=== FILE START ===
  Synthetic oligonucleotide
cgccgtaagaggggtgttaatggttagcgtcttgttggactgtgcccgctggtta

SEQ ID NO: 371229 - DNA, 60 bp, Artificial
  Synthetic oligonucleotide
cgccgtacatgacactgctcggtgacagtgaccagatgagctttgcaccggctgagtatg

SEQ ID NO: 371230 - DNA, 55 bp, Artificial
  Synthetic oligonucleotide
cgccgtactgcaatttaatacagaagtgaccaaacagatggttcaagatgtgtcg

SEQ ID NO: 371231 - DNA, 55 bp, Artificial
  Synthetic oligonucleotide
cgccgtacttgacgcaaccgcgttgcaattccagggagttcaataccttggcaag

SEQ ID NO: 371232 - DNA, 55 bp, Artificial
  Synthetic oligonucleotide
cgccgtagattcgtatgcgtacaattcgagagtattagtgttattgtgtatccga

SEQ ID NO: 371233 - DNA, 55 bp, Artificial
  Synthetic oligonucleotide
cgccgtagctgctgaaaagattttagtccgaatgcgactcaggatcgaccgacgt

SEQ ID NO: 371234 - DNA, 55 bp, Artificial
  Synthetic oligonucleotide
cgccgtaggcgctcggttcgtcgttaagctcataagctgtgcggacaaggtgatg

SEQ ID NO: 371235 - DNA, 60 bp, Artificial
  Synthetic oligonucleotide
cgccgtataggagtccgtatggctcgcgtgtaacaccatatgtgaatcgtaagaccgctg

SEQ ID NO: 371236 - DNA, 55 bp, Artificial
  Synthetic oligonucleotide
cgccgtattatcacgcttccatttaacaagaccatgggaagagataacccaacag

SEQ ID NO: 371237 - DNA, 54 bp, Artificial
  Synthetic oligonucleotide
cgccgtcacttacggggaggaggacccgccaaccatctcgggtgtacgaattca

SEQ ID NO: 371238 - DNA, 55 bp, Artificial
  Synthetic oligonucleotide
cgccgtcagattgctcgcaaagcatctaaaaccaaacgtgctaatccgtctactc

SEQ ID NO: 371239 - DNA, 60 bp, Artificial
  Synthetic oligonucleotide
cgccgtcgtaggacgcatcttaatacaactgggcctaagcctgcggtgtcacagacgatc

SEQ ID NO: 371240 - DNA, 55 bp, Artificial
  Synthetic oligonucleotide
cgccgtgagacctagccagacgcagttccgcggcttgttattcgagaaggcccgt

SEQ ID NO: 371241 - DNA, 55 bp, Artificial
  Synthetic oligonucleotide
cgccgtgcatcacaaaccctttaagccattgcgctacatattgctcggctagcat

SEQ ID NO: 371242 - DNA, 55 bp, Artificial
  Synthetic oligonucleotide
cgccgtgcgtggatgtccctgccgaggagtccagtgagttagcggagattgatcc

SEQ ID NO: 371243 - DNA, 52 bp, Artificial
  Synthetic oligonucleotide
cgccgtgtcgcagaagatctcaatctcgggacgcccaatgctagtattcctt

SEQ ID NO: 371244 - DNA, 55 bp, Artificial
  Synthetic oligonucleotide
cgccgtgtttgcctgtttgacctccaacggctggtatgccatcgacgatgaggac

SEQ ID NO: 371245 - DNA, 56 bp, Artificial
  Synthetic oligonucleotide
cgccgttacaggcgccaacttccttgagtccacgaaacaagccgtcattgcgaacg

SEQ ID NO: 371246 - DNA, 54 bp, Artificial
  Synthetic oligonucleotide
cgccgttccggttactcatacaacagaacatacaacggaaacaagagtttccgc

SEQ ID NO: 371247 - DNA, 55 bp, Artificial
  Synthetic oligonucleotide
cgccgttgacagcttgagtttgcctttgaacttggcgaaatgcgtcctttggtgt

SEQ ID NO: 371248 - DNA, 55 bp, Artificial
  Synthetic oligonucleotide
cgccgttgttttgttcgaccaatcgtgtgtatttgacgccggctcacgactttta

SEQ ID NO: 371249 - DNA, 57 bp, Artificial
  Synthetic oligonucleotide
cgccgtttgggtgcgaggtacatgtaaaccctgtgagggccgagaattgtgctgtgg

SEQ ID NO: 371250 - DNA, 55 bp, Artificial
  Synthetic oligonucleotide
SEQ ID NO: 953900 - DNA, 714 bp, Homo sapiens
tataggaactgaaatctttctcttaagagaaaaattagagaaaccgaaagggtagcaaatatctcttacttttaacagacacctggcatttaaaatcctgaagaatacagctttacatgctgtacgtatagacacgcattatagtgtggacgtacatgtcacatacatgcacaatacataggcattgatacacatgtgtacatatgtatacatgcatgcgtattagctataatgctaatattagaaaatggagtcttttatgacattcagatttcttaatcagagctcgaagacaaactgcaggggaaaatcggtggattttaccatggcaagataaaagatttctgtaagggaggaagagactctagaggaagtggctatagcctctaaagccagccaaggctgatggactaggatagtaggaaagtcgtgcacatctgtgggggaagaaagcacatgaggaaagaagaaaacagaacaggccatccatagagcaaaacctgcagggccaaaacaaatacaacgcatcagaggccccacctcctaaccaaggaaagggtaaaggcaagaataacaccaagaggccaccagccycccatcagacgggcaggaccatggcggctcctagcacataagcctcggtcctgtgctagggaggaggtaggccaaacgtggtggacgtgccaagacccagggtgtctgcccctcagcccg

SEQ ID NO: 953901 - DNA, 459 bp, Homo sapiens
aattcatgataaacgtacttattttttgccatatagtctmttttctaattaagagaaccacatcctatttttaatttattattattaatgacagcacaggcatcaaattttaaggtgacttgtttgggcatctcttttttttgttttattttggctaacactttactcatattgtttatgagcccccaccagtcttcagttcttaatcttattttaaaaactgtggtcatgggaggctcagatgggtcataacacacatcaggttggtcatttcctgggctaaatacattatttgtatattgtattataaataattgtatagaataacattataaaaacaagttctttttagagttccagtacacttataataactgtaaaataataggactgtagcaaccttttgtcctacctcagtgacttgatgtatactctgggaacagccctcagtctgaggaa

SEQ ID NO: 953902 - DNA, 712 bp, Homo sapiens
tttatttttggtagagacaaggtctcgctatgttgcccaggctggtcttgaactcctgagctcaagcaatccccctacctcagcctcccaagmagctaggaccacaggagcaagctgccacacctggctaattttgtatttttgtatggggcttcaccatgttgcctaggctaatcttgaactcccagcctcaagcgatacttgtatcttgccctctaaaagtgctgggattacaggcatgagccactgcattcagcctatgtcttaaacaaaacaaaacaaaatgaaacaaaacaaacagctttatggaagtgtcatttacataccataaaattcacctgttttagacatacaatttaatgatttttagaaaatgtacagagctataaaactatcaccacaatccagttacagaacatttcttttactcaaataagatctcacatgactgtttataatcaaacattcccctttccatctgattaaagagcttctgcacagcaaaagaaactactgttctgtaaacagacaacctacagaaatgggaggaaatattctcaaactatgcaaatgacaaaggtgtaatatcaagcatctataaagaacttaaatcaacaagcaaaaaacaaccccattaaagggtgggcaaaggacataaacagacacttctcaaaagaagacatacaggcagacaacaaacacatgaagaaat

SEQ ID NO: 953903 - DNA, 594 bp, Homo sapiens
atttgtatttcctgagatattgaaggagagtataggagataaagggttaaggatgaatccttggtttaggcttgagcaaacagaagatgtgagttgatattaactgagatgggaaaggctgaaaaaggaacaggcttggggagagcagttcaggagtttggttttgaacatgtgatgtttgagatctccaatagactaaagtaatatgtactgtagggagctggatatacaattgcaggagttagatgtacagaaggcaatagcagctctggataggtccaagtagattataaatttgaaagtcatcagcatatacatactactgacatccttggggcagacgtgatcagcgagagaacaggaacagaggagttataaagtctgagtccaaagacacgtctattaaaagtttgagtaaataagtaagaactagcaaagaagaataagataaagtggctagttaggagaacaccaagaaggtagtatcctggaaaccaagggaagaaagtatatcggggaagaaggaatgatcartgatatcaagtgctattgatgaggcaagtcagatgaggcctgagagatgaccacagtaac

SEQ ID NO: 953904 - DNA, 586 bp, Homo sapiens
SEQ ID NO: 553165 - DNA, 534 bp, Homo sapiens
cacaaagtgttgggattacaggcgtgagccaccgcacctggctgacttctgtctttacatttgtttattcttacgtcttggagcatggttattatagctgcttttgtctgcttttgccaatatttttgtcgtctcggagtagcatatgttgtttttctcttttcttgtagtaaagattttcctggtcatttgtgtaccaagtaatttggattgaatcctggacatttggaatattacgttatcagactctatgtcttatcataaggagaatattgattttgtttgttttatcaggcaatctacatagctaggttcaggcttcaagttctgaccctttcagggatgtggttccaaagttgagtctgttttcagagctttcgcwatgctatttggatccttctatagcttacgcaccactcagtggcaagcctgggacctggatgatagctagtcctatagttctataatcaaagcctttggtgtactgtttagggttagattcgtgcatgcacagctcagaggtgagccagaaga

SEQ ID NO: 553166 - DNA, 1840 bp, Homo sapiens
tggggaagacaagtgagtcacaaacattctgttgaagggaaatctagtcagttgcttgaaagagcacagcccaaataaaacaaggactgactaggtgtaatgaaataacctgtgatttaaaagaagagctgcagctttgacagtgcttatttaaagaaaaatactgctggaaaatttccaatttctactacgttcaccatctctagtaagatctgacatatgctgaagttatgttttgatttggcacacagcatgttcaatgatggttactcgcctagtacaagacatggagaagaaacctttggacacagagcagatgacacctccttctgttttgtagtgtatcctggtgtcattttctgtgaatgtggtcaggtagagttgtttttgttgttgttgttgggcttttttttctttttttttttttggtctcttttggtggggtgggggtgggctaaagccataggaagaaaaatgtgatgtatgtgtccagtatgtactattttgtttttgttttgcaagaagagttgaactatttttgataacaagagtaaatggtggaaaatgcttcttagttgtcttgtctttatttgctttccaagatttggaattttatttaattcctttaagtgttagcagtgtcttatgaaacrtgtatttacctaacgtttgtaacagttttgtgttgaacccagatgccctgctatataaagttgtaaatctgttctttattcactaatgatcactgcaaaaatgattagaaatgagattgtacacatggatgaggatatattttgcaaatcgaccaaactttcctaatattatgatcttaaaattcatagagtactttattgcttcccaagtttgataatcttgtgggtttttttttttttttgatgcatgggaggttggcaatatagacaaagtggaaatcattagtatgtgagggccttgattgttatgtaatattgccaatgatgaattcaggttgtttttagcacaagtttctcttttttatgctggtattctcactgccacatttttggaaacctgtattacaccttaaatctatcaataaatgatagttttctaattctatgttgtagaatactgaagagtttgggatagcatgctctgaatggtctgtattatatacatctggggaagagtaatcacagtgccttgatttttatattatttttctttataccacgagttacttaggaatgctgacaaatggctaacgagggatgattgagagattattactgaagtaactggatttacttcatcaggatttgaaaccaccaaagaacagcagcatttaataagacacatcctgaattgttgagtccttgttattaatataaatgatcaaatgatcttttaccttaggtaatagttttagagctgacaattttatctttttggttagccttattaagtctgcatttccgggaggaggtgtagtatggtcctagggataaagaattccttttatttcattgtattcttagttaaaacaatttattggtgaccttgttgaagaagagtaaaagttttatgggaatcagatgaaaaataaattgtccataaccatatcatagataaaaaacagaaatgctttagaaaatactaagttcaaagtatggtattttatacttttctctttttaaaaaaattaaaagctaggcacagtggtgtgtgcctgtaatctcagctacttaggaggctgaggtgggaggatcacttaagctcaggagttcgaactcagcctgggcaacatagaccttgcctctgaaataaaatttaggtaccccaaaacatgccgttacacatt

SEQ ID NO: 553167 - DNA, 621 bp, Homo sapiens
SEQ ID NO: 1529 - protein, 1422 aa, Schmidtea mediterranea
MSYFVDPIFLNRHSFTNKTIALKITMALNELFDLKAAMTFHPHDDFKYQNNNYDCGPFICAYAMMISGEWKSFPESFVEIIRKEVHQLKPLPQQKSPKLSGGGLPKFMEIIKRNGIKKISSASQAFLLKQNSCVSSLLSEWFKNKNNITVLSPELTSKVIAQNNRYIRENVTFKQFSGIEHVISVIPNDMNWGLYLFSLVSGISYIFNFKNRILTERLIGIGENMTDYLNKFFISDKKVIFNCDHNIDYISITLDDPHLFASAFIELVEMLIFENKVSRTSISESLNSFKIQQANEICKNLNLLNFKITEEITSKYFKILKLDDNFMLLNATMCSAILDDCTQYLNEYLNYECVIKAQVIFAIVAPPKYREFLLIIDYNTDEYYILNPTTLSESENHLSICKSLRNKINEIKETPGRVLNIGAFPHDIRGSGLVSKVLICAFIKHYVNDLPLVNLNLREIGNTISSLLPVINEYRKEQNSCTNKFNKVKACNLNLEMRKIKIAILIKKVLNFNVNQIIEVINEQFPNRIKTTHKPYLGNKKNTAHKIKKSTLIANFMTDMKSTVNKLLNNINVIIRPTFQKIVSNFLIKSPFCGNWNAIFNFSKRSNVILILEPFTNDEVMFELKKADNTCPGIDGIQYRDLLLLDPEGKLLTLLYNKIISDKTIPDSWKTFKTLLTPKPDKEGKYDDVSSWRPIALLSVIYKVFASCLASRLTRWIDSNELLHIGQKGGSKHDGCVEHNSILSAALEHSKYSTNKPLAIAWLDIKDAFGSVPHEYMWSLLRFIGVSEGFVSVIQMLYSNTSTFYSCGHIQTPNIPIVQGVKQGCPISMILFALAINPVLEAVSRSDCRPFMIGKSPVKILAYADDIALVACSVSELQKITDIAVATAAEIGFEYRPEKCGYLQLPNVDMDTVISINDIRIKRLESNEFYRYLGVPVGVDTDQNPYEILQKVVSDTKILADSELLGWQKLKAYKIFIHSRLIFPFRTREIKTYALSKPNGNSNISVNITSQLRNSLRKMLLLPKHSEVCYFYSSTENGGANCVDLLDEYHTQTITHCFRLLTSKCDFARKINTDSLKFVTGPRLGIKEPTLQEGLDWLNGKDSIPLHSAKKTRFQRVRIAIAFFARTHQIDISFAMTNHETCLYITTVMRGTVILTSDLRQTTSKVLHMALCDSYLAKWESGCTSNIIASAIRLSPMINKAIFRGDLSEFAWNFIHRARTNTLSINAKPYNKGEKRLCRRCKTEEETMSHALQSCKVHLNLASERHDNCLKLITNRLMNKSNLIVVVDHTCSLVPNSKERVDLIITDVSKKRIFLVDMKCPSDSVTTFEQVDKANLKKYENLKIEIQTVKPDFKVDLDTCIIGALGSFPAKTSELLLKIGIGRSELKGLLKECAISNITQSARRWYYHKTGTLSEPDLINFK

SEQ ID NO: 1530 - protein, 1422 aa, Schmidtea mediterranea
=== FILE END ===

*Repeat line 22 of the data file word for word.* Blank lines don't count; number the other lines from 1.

  Synthetic oligonucleotide